25 May 2014

Oak Currant Gall - Neuroterus quercusbaccarum - Oak Apple Day

Looks like red currants growing on an Oak Tree? No, it's the Oak Currant Gall, created by Neuroterus quercusbaccarum, a small wasp of the Cynipidae family.

Oak Currant Gall, Woking Palace 12th May 2014
The Gall Wasp has a fascinating life cycle with two generations in a year. Each generation produces a different gall on the tree, the Currant galls as seen in the photo here, and the small circular Spangle galls which are found on the under side of the Oak leaves later in the year.
The male and female wasps emerge in June from the Currant Galls, and after mating the female lays fertilised eggs on the underside of Oak leaves these develop over the winter into the Spangle Galls. Wasps emerge from the Spangle Galls in April and the cycle starts all over again. 
More details at:

May 29th is by tradition known as Oak Apple Day in England. The day commemorated the Restoration of King Charles II in 1660 and was so called ‘Oak Apple Day’ due to his memorable escape from capture by the Roundheads after the battle of Worcester, by hiding up in an oak tree at Boscobel in Staffordshire on 6th September 1651 -  is why many English Pubs carry the name "The Royal Oak" It became customary to show one's allegiance to the Crown by wearing a sprig of Oak leaves preferably including an Oak gall. There were consequences for dissenters. See http://www.darkdorset.co.uk/oak_apple_day.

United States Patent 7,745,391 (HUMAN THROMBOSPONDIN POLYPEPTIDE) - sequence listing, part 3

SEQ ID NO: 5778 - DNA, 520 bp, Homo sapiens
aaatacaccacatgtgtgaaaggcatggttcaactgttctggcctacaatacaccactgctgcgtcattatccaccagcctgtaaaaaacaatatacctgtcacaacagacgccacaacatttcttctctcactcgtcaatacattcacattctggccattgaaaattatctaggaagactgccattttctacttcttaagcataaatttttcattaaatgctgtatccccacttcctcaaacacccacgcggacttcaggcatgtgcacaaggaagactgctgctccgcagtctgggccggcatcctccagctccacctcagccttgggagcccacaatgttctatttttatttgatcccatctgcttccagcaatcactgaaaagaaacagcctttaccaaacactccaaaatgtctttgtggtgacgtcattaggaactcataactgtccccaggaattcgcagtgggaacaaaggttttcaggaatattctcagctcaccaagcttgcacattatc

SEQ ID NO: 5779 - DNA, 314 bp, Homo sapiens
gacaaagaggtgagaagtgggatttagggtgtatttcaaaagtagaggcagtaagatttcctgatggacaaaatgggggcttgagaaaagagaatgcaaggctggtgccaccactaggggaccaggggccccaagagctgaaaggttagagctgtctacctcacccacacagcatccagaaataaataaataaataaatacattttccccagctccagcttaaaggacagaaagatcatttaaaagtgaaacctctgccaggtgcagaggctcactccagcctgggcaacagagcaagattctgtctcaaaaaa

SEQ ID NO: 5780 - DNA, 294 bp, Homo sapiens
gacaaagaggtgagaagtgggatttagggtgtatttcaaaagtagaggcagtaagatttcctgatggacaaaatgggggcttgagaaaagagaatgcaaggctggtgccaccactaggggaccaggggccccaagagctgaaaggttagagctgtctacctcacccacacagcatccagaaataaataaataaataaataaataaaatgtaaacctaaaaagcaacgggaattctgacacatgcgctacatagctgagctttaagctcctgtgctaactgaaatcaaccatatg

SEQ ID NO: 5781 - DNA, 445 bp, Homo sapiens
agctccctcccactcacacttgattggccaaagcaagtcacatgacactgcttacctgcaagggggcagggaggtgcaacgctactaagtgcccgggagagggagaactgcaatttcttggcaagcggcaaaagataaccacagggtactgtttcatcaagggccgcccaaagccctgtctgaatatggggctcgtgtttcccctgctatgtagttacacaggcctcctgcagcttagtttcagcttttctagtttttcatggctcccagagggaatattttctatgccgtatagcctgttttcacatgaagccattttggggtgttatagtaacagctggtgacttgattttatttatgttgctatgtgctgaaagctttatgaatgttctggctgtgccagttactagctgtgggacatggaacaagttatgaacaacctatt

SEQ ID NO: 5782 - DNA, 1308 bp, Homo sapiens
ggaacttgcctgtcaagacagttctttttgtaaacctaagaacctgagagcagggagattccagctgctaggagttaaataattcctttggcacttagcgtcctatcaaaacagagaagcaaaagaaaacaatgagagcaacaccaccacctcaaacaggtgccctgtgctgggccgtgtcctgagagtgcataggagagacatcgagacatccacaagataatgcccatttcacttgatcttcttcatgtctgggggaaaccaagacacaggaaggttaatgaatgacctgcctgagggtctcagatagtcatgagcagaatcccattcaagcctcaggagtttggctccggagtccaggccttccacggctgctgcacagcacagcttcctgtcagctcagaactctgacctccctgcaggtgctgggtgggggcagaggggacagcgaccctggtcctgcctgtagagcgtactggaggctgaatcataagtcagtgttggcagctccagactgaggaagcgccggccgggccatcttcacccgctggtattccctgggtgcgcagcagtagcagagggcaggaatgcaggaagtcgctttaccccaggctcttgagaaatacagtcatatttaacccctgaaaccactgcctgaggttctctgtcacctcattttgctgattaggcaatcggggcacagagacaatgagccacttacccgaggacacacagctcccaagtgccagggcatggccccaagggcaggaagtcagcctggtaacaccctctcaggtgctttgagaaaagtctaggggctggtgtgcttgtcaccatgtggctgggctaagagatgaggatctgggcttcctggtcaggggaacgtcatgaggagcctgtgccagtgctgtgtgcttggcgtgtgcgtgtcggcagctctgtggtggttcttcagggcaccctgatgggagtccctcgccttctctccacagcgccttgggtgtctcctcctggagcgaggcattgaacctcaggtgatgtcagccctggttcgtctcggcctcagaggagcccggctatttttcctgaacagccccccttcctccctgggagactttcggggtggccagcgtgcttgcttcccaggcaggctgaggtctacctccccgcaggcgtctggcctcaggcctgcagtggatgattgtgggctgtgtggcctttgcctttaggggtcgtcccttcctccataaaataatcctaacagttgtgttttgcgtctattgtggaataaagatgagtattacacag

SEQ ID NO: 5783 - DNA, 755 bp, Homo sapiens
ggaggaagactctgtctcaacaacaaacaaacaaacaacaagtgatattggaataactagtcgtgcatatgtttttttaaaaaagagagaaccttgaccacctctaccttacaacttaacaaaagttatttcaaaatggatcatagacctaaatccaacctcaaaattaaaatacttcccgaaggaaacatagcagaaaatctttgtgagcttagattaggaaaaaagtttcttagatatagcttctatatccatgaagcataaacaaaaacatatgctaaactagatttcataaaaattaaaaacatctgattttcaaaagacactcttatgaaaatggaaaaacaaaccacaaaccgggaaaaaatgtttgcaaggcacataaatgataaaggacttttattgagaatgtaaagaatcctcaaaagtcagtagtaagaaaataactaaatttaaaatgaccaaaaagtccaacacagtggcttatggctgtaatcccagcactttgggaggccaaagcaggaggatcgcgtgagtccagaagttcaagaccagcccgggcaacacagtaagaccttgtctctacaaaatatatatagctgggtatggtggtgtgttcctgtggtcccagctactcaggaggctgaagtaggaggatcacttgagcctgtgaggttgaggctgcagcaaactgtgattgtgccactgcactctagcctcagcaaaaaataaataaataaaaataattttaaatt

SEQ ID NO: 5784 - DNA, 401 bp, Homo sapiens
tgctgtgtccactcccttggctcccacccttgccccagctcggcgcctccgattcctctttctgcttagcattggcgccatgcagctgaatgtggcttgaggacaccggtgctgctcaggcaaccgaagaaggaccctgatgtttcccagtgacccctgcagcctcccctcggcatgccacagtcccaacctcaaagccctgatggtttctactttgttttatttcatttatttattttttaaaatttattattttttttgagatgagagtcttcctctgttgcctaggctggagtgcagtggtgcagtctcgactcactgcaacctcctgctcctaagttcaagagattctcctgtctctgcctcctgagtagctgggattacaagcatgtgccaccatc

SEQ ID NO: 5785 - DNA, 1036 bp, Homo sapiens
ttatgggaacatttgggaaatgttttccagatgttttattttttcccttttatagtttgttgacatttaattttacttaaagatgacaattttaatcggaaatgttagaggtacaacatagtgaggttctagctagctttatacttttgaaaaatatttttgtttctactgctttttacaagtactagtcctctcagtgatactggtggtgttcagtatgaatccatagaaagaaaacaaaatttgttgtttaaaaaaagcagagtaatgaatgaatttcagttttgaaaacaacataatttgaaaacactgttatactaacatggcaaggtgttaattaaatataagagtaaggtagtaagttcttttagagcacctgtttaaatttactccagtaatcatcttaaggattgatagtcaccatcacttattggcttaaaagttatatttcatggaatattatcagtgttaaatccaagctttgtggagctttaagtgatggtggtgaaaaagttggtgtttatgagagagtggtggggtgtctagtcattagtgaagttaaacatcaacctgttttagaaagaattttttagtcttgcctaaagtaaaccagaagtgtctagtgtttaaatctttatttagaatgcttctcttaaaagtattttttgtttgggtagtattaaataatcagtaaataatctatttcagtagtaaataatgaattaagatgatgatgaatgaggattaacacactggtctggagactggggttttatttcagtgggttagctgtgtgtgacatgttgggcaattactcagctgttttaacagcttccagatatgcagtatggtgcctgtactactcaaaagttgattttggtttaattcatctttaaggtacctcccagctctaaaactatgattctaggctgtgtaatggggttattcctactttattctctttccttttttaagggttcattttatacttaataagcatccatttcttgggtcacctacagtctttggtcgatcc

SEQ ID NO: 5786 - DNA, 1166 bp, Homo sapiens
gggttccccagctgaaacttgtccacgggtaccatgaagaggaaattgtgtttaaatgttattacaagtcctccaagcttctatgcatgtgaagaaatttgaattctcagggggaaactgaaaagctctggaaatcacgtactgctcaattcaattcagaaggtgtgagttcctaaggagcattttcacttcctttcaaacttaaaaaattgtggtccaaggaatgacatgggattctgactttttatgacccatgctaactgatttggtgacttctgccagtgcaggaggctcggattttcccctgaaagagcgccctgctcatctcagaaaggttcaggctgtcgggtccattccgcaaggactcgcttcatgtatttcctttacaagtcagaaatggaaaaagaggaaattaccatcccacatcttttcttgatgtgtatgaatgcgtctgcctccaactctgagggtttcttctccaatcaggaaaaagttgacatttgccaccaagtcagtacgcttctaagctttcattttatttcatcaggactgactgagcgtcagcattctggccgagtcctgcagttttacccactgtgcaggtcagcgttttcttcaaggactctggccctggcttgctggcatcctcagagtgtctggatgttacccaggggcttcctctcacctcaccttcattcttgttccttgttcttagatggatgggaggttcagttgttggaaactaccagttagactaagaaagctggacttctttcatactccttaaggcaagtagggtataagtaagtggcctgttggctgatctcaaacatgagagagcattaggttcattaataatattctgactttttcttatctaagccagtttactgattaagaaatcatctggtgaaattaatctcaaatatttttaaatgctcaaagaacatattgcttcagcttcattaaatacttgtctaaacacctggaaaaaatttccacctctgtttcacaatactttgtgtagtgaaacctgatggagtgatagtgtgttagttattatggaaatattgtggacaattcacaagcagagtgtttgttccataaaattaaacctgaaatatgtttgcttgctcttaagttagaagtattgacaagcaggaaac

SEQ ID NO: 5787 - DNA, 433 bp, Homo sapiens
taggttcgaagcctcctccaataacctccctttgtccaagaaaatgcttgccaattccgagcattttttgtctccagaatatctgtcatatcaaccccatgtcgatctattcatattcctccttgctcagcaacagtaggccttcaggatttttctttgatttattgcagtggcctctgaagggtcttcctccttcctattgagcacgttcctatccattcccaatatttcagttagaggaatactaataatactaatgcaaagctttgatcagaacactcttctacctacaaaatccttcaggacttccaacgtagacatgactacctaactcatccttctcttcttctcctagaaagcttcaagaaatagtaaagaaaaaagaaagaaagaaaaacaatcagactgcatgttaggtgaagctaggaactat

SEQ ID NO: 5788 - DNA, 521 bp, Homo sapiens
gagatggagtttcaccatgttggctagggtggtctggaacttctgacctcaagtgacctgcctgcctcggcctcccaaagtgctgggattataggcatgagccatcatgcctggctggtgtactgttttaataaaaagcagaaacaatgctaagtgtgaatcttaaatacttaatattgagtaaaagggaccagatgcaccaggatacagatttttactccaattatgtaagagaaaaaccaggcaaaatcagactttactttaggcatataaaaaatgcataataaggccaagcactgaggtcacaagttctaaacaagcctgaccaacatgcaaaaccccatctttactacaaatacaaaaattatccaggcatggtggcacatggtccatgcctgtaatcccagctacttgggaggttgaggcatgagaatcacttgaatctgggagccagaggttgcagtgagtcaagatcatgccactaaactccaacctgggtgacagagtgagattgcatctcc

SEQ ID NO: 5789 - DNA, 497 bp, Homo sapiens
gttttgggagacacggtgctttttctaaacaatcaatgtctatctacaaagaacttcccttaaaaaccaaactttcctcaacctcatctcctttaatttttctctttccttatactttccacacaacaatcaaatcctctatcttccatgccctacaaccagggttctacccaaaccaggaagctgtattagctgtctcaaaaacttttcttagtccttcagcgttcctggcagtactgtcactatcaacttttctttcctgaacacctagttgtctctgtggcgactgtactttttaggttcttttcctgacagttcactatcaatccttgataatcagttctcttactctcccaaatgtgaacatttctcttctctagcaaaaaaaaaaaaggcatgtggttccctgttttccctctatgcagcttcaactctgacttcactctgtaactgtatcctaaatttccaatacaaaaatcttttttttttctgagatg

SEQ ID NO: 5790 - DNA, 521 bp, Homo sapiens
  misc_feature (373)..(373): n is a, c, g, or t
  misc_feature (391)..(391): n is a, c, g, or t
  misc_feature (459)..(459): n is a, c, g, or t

As Samuel Pepys recorded in his Diary, in 1660, Parliament declared 29th May a Day of Thanksgiving, a public holiday:
"Parliament had ordered the 29 of May, the King's birthday, to be for ever kept as a day of thanksgiving for our redemption from tyranny and the King's return to his Government, he entering London that day."

Oak Apple Day was formally abolished in 1859. The cynipid wasps still seem to be thriving.